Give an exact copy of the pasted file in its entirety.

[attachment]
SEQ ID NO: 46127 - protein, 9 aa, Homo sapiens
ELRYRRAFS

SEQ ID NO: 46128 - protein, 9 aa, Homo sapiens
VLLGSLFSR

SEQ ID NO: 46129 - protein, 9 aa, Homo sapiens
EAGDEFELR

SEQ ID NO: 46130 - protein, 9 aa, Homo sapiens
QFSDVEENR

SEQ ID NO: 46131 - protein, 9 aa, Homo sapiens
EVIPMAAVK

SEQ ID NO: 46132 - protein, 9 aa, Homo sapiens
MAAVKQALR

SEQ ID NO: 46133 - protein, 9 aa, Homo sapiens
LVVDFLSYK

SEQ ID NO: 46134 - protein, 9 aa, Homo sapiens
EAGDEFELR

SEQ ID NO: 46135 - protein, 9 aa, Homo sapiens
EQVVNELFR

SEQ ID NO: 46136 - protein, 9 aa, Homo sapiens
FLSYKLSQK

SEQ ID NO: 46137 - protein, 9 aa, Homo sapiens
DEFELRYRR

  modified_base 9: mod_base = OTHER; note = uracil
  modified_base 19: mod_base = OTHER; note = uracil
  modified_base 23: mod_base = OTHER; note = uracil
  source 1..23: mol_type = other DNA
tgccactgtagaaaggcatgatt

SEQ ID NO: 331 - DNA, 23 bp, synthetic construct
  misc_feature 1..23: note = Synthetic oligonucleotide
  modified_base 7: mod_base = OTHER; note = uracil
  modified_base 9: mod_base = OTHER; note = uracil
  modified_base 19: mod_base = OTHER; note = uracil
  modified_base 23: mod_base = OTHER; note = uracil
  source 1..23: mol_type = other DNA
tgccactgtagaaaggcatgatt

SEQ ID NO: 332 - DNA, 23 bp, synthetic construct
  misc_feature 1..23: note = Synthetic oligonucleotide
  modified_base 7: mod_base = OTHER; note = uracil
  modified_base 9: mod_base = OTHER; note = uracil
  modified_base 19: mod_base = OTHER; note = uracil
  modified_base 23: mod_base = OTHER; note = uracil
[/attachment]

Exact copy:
SEQ ID NO: 46127 - protein, 9 aa, Homo sapiens
ELRYRRAFS

SEQ ID NO: 46128 - protein, 9 aa, Homo sapiens
VLLGSLFSR

SEQ ID NO: 46129 - protein, 9 aa, Homo sapiens
EAGDEFELR

SEQ ID NO: 46130 - protein, 9 aa, Homo sapiens
QFSDVEENR

SEQ ID NO: 46131 - protein, 9 aa, Homo sapiens
EVIPMAAVK

SEQ ID NO: 46132 - protein, 9 aa, Homo sapiens
MAAVKQALR

SEQ ID NO: 46133 - protein, 9 aa, Homo sapiens
LVVDFLSYK

SEQ ID NO: 46134 - protein, 9 aa, Homo sapiens
EAGDEFELR

SEQ ID NO: 46135 - protein, 9 aa, Homo sapiens
EQVVNELFR

SEQ ID NO: 46136 - protein, 9 aa, Homo sapiens
FLSYKLSQK

SEQ ID NO: 46137 - protein, 9 aa, Homo sapiens
DEFELRYRR

  modified_base 9: mod_base = OTHER; note = uracil
  modified_base 19: mod_base = OTHER; note = uracil
  modified_base 23: mod_base = OTHER; note = uracil
  source 1..23: mol_type = other DNA
tgccactgtagaaaggcatgatt

SEQ ID NO: 331 - DNA, 23 bp, synthetic construct
  misc_feature 1..23: note = Synthetic oligonucleotide
  modified_base 7: mod_base = OTHER; note = uracil
  modified_base 9: mod_base = OTHER; note = uracil
  modified_base 19: mod_base = OTHER; note = uracil
  modified_base 23: mod_base = OTHER; note = uracil
  source 1..23: mol_type = other DNA
tgccactgtagaaaggcatgatt

SEQ ID NO: 332 - DNA, 23 bp, synthetic construct
  misc_feature 1..23: note = Synthetic oligonucleotide
  modified_base 7: mod_base = OTHER; note = uracil
  modified_base 9: mod_base = OTHER; note = uracil
  modified_base 19: mod_base = OTHER; note = uracil
  modified_base 23: mod_base = OTHER; note = uracil